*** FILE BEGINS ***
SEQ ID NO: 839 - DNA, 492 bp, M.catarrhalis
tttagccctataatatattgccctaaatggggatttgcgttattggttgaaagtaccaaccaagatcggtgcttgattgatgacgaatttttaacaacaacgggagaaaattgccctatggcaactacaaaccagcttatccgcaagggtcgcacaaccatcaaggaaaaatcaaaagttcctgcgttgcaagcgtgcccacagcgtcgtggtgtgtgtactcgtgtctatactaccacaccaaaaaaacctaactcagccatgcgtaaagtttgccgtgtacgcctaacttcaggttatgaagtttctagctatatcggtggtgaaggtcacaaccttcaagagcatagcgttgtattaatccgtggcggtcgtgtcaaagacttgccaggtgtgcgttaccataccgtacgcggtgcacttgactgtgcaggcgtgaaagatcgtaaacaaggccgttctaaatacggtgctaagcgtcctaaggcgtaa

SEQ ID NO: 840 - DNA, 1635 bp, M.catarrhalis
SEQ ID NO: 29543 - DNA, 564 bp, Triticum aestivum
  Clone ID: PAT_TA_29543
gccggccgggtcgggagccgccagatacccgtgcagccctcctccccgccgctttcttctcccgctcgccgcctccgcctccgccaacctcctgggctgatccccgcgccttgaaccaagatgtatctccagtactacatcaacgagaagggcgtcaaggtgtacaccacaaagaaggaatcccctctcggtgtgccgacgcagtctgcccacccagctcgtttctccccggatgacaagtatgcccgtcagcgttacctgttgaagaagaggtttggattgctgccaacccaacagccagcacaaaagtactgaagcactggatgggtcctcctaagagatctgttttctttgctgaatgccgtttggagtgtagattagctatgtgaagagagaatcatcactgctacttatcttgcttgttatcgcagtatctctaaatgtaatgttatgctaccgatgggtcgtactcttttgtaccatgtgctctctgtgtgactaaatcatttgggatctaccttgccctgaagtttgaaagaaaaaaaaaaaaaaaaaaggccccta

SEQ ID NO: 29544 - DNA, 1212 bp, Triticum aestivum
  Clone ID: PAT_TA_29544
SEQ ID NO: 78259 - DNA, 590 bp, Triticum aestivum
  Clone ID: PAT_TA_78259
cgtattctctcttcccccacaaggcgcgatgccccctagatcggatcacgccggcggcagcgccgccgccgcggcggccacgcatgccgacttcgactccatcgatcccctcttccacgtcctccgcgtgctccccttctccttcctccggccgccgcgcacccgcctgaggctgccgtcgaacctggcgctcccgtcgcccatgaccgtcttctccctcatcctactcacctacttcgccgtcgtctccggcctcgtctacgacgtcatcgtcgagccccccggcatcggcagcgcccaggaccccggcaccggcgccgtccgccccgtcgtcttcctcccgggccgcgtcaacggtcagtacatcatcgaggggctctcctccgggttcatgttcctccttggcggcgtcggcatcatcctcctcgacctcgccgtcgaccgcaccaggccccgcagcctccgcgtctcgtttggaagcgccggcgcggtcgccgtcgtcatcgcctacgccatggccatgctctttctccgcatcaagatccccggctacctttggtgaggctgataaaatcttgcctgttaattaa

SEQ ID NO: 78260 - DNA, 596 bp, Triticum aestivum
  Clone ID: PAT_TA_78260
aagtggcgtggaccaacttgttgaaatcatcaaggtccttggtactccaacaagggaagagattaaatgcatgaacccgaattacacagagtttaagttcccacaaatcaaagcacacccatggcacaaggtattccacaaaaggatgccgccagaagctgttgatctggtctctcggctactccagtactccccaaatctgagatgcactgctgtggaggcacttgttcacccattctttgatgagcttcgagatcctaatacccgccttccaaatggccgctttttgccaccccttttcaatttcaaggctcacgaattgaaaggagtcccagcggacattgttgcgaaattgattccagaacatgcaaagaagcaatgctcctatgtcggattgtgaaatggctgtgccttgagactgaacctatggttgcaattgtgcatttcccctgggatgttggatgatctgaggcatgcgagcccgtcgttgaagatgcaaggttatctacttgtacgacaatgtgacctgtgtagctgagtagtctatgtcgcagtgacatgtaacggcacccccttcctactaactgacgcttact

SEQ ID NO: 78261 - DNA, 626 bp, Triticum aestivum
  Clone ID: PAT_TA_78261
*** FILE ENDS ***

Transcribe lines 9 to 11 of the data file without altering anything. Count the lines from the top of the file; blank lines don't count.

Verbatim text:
SEQ ID NO: 78259 - DNA, 590 bp, Triticum aestivum
  Clone ID: PAT_TA_78259
cgtattctctcttcccccacaaggcgcgatgccccctagatcggatcacgccggcggcagcgccgccgccgcggcggccacgcatgccgacttcgactccatcgatcccctcttccacgtcctccgcgtgctccccttctccttcctccggccgccgcgcacccgcctgaggctgccgtcgaacctggcgctcccgtcgcccatgaccgtcttctccctcatcctactcacctacttcgccgtcgtctccggcctcgtctacgacgtcatcgtcgagccccccggcatcggcagcgcccaggaccccggcaccggcgccgtccgccccgtcgtcttcctcccgggccgcgtcaacggtcagtacatcatcgaggggctctcctccgggttcatgttcctccttggcggcgtcggcatcatcctcctcgacctcgccgtcgaccgcaccaggccccgcagcctccgcgtctcgtttggaagcgccggcgcggtcgccgtcgtcatcgcctacgccatggccatgctctttctccgcatcaagatccccggctacctttggtgaggctgataaaatcttgcctgttaattaa